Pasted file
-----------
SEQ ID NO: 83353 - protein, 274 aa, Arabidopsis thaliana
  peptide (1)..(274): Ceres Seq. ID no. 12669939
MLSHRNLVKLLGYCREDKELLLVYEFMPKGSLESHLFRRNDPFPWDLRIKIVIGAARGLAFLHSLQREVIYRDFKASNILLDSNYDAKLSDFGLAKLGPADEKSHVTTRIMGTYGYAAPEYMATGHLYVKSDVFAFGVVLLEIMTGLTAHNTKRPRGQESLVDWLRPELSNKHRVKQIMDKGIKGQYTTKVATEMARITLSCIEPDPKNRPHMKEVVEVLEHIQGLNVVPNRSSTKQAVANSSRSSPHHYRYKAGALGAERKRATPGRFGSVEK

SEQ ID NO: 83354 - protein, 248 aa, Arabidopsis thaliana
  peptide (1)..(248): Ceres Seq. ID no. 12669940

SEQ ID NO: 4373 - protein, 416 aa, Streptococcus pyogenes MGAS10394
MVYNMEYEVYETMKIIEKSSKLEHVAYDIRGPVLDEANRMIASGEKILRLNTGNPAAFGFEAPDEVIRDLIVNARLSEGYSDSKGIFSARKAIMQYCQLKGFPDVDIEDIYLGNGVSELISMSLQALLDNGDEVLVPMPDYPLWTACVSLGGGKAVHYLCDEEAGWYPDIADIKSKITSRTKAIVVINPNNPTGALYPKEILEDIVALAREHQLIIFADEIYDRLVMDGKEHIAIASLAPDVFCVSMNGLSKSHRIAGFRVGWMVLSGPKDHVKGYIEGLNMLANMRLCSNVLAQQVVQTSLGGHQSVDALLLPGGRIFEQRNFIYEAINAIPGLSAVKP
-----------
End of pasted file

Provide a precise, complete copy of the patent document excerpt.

SEQ ID NO: 83353 - protein, 274 aa, Arabidopsis thaliana
  peptide (1)..(274): Ceres Seq. ID no. 12669939
MLSHRNLVKLLGYCREDKELLLVYEFMPKGSLESHLFRRNDPFPWDLRIKIVIGAARGLAFLHSLQREVIYRDFKASNILLDSNYDAKLSDFGLAKLGPADEKSHVTTRIMGTYGYAAPEYMATGHLYVKSDVFAFGVVLLEIMTGLTAHNTKRPRGQESLVDWLRPELSNKHRVKQIMDKGIKGQYTTKVATEMARITLSCIEPDPKNRPHMKEVVEVLEHIQGLNVVPNRSSTKQAVANSSRSSPHHYRYKAGALGAERKRATPGRFGSVEK

SEQ ID NO: 83354 - protein, 248 aa, Arabidopsis thaliana
  peptide (1)..(248): Ceres Seq. ID no. 12669940

SEQ ID NO: 4373 - protein, 416 aa, Streptococcus pyogenes MGAS10394
MVYNMEYEVYETMKIIEKSSKLEHVAYDIRGPVLDEANRMIASGEKILRLNTGNPAAFGFEAPDEVIRDLIVNARLSEGYSDSKGIFSARKAIMQYCQLKGFPDVDIEDIYLGNGVSELISMSLQALLDNGDEVLVPMPDYPLWTACVSLGGGKAVHYLCDEEAGWYPDIADIKSKITSRTKAIVVINPNNPTGALYPKEILEDIVALAREHQLIIFADEIYDRLVMDGKEHIAIASLAPDVFCVSMNGLSKSHRIAGFRVGWMVLSGPKDHVKGYIEGLNMLANMRLCSNVLAQQVVQTSLGGHQSVDALLLPGGRIFEQRNFIYEAINAIPGLSAVKP